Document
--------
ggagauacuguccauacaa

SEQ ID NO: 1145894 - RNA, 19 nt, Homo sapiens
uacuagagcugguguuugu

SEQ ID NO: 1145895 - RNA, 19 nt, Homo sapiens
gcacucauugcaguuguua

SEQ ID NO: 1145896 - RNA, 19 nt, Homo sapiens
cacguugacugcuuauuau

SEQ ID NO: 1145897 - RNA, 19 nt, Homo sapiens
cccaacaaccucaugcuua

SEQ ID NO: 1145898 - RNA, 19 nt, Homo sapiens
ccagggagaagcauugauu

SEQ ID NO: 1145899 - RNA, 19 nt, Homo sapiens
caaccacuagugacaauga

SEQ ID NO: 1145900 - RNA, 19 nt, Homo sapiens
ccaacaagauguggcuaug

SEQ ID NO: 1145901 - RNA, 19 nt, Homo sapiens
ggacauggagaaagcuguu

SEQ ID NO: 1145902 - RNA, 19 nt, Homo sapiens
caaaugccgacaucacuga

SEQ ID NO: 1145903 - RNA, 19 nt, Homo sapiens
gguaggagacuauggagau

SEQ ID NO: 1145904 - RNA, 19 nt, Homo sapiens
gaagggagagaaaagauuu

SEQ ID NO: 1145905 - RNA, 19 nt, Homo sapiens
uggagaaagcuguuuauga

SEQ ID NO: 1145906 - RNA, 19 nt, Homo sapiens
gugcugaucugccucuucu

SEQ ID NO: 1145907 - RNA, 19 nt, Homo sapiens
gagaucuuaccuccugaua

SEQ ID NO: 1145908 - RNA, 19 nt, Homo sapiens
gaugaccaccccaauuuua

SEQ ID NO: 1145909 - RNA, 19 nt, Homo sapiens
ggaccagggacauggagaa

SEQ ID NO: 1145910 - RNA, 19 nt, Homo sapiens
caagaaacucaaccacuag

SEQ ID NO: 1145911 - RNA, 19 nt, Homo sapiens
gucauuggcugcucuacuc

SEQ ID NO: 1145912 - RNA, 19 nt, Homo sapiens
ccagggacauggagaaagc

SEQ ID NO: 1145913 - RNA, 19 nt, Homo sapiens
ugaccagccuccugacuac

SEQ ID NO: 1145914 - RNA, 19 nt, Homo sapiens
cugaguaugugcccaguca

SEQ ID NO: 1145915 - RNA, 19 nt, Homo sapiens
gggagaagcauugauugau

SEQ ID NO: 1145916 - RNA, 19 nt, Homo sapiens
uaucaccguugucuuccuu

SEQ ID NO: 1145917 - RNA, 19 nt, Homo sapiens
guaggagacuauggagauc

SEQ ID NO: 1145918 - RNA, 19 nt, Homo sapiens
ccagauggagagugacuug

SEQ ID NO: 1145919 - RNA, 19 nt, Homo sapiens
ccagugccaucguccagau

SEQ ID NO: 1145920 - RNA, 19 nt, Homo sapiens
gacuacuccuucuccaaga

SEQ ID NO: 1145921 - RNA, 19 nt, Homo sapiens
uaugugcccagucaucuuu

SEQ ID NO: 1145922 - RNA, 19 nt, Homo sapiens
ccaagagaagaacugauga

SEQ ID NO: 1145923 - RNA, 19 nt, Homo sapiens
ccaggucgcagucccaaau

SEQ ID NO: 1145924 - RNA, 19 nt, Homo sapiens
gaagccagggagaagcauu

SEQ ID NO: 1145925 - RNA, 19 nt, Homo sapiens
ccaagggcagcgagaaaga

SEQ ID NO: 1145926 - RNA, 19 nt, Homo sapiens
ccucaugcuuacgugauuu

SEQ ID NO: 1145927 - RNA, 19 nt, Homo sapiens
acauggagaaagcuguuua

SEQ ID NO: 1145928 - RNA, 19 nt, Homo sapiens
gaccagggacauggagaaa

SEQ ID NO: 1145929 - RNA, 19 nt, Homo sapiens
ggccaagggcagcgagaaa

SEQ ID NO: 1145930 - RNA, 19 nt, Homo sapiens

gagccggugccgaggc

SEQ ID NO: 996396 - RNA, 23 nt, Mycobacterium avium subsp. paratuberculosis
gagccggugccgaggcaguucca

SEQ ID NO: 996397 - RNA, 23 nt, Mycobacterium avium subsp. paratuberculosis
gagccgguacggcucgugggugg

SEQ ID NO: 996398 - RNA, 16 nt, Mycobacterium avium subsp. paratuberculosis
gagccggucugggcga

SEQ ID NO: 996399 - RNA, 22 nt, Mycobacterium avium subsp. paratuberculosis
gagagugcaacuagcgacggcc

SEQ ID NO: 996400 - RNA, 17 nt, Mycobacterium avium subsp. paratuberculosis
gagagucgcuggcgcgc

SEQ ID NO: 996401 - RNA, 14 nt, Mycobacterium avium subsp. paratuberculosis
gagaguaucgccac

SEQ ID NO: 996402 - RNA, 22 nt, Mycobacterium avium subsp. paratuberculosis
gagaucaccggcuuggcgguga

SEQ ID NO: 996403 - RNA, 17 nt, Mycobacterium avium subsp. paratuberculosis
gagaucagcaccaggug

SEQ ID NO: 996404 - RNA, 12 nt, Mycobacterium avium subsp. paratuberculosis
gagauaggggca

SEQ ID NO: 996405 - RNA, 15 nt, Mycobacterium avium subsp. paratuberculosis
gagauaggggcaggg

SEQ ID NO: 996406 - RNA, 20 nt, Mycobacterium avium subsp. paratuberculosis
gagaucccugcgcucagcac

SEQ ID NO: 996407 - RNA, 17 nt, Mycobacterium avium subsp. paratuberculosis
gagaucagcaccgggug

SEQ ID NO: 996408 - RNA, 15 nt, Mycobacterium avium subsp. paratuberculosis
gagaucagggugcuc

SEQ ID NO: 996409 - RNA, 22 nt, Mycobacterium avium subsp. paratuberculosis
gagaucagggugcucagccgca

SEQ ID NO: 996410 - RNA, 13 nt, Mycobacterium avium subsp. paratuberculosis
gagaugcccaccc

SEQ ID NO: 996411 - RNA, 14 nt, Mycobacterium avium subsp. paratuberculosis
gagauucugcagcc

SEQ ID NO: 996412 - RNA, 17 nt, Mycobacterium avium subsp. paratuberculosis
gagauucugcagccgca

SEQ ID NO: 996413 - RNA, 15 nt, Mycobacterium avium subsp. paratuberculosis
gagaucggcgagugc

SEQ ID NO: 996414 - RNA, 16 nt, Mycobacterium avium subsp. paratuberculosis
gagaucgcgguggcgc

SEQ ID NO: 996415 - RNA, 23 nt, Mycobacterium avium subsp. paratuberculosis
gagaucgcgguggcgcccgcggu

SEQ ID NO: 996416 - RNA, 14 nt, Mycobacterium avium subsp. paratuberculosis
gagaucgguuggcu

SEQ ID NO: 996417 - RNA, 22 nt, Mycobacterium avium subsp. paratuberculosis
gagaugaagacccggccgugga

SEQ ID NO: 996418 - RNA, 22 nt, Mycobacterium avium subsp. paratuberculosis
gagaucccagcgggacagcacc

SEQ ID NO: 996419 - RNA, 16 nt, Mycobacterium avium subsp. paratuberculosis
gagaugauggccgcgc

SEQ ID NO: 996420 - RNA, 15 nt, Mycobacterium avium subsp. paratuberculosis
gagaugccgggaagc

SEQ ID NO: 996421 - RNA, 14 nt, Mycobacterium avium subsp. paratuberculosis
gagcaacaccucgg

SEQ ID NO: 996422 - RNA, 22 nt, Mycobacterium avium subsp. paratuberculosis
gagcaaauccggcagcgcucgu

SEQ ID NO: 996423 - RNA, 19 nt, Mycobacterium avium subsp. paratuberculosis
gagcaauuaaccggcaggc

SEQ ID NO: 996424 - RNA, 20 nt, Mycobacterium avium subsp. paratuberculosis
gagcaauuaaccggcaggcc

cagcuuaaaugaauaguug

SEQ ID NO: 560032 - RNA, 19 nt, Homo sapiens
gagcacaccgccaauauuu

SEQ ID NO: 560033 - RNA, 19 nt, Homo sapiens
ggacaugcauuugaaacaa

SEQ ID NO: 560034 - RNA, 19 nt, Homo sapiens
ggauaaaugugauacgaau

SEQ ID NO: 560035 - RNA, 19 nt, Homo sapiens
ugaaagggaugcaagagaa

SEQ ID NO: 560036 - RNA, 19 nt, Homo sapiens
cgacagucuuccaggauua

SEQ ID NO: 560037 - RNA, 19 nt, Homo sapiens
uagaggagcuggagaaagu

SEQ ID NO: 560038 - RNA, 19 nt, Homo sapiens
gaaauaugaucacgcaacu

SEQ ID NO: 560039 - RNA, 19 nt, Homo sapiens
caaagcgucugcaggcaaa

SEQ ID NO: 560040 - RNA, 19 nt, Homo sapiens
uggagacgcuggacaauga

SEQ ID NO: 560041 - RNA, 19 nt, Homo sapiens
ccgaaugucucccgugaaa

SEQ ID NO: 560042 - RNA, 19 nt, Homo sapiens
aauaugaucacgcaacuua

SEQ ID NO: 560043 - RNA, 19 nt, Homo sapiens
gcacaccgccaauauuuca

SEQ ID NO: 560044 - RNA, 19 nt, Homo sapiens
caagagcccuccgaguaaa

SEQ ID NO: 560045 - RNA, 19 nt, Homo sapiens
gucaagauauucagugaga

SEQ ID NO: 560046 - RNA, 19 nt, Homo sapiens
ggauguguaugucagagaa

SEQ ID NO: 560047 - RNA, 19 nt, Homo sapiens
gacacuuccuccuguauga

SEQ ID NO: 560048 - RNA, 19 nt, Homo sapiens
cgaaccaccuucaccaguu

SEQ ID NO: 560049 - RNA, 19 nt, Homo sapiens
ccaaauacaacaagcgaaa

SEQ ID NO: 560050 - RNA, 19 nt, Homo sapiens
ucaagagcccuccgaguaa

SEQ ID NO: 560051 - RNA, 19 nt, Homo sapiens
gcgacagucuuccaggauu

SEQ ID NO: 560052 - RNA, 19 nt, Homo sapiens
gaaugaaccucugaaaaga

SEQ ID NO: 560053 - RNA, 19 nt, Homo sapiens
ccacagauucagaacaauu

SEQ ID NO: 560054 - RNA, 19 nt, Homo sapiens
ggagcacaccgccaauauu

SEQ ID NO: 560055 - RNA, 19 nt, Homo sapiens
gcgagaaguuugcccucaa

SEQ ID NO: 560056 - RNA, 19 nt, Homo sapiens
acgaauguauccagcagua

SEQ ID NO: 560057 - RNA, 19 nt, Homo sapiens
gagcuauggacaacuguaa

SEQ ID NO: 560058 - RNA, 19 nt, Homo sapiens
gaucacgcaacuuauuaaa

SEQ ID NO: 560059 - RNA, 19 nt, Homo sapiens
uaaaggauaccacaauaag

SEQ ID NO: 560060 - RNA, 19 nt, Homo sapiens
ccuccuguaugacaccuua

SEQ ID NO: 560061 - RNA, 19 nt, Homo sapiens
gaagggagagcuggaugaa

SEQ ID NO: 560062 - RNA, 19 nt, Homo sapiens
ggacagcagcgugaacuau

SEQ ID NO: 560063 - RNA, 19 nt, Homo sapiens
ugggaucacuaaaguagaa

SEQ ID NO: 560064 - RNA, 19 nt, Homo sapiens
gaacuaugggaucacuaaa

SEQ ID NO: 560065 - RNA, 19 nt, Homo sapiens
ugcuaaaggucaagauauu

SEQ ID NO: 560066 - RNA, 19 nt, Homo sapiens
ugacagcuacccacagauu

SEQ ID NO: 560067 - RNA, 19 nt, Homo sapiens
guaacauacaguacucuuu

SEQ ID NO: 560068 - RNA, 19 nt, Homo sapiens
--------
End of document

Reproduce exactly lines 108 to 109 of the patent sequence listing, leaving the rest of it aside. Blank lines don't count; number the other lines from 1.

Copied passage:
SEQ ID NO: 996412 - RNA, 17 nt, Mycobacterium avium subsp. paratuberculosis
gagauucugcagccgca